Allnic H-7000 Vacuum Tube Phono Stereo Preamplifier
I've been lucky enough to be able to review a variety of excellent preamplifiers during the last few years, from the more affordable to the quite extravagant. As with the Allnic H-7000 vacuum tube phono preamplifier, as reviewed here, I'm hoping that these different types of phono preamplifiers that I've reviewed might help some audiophiles make a decision as to which phono preamp might be best for their system's analog set-up. Since not everyone is looking to purchase a new phono preamp, I also hope that audiophiles and maybe even a few non-audiophiles (or soon to be audiophiles), have found that these reviews fun to read!
The Allnic H-7000 reviewed here is a rather large, impressive looking tube phono preamp. Its milled aluminum," open topography chassis" has a cabinet with no top plate, a marvelous array of tube chimneys, anodized transformer casings, and top-mounted moving coil step-up transformers with Permalloy cores that can provide enough gain for just about any MC phono cartridge.
Besides being almost 17" wide, a little more than a foot deep, and almost 7" high, this hefty phono preamp weighs about 35 pounds! But that's not all – it also has an outboard power supply – it isn't nearly as large (or heavy) as the main unit, but it does weigh 18 pounds and is big enough for one to need a decent sized space for it on an adjacent shelf or on the floor near the main phono stage, and one has to keep the power supply relatively accessible because on its front panel is its on/off switch. At times there have been some components I liked to keep powered 24/7, but never with a tube component, and I wasn't about to start doing that with this phono preamp.
Allnic, The Company
This component is one of the most serious phono preamplifiers I've ever had in my system, and so to make sure I'd be getting the most out of it I was lucky enough I was able to procure a phono cartridge worthy of its high performance. My friends at Texas' Believe High Fidelity let me borrow a fabulous Top Wing cartridge that goes by both its Japanese and English names, Suzaku and Red Sparrow. This amazing phono cartridge might have specifications that read as "normal" as any other top-flight phono cartridge, but its superb construction and performance make these specifications practically meaningless. Since this is a review of the Allnic H-7000 and not the Red Sparrow, I'll stop here, but safe to say that a phono cartridge that costs as much as this phono preamplifier that it was connected to better ought to be pretty damn good. It is.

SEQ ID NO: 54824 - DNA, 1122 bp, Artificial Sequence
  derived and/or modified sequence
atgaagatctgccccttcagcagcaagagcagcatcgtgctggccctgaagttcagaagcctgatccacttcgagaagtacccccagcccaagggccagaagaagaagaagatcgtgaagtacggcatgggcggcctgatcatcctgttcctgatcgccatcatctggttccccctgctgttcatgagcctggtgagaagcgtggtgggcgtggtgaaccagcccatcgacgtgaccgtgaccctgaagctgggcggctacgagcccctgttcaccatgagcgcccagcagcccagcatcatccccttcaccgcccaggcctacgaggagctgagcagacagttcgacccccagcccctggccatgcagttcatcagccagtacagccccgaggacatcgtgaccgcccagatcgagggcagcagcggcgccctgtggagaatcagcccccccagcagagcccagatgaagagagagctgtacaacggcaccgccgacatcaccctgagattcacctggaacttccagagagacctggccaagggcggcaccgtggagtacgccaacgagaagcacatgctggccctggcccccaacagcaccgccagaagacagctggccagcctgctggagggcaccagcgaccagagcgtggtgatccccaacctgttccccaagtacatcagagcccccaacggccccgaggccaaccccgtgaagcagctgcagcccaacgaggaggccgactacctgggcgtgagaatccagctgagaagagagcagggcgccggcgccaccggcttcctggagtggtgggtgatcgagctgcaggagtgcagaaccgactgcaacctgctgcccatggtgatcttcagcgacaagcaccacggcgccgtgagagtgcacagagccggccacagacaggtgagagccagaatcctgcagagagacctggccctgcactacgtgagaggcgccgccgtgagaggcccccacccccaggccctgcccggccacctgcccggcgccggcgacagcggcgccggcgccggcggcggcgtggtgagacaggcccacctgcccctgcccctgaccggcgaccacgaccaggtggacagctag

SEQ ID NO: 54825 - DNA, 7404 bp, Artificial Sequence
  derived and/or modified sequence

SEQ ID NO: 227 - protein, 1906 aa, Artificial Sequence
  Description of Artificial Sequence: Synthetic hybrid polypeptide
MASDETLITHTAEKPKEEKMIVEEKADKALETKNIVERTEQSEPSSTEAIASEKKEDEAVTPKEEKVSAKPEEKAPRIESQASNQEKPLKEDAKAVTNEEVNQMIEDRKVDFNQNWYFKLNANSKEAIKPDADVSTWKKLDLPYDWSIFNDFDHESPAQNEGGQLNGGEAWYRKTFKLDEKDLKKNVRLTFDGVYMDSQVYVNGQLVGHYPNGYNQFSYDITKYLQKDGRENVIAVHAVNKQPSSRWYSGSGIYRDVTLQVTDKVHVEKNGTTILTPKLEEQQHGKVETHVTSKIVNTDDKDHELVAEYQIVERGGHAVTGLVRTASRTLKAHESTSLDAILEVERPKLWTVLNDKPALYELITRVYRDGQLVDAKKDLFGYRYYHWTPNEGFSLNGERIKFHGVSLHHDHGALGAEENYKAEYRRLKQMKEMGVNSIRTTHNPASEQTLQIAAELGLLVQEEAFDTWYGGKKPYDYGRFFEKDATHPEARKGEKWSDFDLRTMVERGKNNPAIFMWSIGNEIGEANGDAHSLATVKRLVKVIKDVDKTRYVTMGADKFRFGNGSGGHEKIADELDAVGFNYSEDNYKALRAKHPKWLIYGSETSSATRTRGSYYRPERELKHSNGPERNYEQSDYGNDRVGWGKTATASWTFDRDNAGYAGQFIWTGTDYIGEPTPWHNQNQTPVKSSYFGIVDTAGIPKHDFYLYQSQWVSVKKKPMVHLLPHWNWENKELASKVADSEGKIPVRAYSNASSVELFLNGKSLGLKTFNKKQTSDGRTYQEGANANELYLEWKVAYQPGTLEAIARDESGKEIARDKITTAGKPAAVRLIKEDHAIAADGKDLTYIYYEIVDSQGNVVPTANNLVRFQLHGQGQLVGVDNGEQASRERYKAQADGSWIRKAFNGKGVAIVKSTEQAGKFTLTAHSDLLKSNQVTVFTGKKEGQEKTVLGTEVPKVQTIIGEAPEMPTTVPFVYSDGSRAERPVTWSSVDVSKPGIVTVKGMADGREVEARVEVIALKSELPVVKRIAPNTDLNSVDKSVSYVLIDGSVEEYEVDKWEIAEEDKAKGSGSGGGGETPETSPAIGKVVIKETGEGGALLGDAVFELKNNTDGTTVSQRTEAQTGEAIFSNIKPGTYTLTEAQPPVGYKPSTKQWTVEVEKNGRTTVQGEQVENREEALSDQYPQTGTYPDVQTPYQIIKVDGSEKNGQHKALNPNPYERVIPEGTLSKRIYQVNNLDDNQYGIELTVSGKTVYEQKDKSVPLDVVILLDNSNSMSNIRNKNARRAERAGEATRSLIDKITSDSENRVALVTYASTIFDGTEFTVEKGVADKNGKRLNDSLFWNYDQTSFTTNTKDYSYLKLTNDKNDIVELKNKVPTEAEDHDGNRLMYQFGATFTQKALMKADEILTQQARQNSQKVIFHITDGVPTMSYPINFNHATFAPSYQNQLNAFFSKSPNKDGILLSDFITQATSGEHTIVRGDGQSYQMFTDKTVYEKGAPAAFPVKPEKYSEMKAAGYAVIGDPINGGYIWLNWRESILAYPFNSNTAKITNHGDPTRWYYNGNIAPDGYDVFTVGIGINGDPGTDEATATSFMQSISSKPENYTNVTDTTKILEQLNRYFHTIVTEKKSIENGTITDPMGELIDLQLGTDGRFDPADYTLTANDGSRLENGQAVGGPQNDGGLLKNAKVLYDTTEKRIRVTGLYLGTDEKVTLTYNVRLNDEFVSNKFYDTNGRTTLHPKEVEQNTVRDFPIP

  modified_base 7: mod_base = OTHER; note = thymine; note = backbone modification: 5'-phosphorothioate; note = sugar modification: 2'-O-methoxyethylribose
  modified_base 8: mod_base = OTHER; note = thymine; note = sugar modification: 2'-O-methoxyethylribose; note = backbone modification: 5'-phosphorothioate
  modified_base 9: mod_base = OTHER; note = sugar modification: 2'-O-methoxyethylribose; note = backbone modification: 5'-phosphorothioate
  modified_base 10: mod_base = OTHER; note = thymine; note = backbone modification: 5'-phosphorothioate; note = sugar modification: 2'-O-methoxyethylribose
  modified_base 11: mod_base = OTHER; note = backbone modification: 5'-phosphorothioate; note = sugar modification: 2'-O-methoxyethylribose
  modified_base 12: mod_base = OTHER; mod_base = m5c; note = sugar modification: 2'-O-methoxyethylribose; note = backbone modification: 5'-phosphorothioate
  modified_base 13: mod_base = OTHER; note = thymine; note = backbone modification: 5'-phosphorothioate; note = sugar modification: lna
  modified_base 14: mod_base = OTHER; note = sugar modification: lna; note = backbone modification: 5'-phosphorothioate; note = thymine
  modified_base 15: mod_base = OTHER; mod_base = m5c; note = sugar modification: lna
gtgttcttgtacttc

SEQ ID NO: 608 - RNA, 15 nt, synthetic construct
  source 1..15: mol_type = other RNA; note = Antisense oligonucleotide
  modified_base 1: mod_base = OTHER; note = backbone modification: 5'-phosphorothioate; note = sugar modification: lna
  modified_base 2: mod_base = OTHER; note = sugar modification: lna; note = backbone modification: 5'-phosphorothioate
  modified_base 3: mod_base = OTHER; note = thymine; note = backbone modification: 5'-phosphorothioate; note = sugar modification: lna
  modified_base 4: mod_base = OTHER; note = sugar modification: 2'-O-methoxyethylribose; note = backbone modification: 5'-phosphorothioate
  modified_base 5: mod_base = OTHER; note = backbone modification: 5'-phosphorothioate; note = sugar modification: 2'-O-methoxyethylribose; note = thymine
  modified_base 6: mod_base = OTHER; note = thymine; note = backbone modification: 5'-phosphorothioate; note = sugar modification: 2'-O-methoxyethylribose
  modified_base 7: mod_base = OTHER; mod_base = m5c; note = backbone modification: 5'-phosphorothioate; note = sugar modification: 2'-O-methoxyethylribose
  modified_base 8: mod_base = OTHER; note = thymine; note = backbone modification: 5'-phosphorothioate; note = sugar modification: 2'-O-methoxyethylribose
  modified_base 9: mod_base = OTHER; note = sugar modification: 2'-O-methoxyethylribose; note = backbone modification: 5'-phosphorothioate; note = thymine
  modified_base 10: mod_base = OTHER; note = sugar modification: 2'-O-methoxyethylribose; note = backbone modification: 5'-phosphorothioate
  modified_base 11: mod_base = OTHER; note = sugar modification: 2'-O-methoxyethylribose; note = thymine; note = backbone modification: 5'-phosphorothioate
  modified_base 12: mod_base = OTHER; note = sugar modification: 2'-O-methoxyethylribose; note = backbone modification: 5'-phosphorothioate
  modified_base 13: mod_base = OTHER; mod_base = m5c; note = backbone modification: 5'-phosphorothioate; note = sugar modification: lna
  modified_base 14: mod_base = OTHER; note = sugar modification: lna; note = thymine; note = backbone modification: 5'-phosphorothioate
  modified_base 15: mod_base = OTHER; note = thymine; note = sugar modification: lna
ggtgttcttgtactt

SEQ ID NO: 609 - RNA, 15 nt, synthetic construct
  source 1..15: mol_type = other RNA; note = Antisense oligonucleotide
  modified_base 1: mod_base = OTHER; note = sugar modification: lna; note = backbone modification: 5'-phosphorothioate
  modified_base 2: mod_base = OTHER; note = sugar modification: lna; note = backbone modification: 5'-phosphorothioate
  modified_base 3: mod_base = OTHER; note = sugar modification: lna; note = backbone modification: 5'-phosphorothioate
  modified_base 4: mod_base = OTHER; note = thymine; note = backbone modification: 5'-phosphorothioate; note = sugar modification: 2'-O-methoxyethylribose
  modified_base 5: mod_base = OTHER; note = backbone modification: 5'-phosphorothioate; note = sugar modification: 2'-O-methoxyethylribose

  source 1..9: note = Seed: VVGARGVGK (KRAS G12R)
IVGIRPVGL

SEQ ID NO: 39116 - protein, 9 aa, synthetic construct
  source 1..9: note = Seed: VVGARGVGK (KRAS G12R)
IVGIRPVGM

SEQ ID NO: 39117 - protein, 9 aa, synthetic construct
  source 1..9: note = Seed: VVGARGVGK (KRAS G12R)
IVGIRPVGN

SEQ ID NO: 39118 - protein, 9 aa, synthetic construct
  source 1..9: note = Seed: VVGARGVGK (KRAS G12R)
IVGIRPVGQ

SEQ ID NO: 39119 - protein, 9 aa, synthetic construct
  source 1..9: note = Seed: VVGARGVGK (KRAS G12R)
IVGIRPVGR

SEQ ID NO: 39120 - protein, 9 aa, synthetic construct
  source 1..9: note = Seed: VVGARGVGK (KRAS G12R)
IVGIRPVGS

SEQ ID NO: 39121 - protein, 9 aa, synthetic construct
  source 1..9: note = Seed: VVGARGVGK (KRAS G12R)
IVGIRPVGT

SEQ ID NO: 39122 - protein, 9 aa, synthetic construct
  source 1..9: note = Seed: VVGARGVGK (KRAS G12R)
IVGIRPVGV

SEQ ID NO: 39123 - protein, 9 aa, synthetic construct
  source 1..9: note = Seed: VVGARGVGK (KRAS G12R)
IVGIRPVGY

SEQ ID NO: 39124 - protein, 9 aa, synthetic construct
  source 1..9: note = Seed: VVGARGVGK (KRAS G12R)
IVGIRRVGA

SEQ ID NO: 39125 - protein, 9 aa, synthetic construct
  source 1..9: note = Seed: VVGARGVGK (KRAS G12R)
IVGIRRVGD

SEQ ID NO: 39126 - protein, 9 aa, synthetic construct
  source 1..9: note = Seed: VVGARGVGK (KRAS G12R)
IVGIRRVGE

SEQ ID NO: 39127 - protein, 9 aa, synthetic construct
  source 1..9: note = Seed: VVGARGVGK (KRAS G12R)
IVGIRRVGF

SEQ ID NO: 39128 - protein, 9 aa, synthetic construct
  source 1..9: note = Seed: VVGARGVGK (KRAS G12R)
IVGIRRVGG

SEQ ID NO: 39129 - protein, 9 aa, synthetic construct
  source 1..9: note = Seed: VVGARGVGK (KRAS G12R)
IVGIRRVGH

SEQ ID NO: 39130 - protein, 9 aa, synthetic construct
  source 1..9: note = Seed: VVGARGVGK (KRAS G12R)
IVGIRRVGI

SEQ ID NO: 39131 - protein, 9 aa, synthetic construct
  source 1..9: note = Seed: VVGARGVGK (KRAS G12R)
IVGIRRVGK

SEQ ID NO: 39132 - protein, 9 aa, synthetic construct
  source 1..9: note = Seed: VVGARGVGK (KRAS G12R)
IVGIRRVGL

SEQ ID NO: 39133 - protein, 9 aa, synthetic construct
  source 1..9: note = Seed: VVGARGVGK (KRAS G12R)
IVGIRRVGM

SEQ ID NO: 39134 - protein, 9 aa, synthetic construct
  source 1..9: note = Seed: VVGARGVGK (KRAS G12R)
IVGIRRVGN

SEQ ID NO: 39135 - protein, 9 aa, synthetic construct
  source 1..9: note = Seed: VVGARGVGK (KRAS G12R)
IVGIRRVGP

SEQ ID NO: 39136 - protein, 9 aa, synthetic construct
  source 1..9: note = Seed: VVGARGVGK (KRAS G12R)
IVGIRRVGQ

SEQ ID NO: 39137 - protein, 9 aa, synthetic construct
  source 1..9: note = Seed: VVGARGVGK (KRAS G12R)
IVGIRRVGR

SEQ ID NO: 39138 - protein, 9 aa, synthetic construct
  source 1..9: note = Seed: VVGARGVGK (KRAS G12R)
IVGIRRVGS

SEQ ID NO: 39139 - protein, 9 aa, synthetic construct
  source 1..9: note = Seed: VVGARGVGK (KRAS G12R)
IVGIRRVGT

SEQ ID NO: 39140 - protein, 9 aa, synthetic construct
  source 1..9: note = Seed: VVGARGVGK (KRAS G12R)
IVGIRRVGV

The Red Sparrow was mounted on my reference Tri-Planar 6 tonearm, which was recently calibrated by someone other than myself to make sure that it was affixed to my Basis Debut V's armboard at precisely measured points. The tonearm has an integral cable that is terminated in unbalanced Cardas RCAs, and so I connected to one of the H-7000's RCA Moving Coil (MC) inputs.
The Allnic phono preamp was connected to a tube based Nagra Classic Preamp linestage, which fed into a Pass Laboratories X250.8 250 watt per channel solid-state power amplifier. The power amp fed a pair of Sound Lab Majestic 545 electrostatic speakers. The speakers' low end was reinforced by a pair of SVSound SB-16-Ultra subwoofers. The cables in the system were all made by Kimber Kable, which I reviewed last month, including Carbon 8 interconnects, Carbon 18 XL speaker cables, and Ascent power cables. All the front-end gear, including the Allnic H-7000 phono preamp, plus the electrostats' transformers got their AC power from a Goal Zero Yeti 400 battery power supply. The power amplifier used a Goal Zero Yeti 1000 battery power supply, but only during daylight hours. After 6pm the power amp was plugged directly into the AC wall receptacle. On the walls of the listening room are acoustic treatment panels (and filled LP shelves), and the room has two separate power AC power lines that run directly to our home's electrical panel in the basement.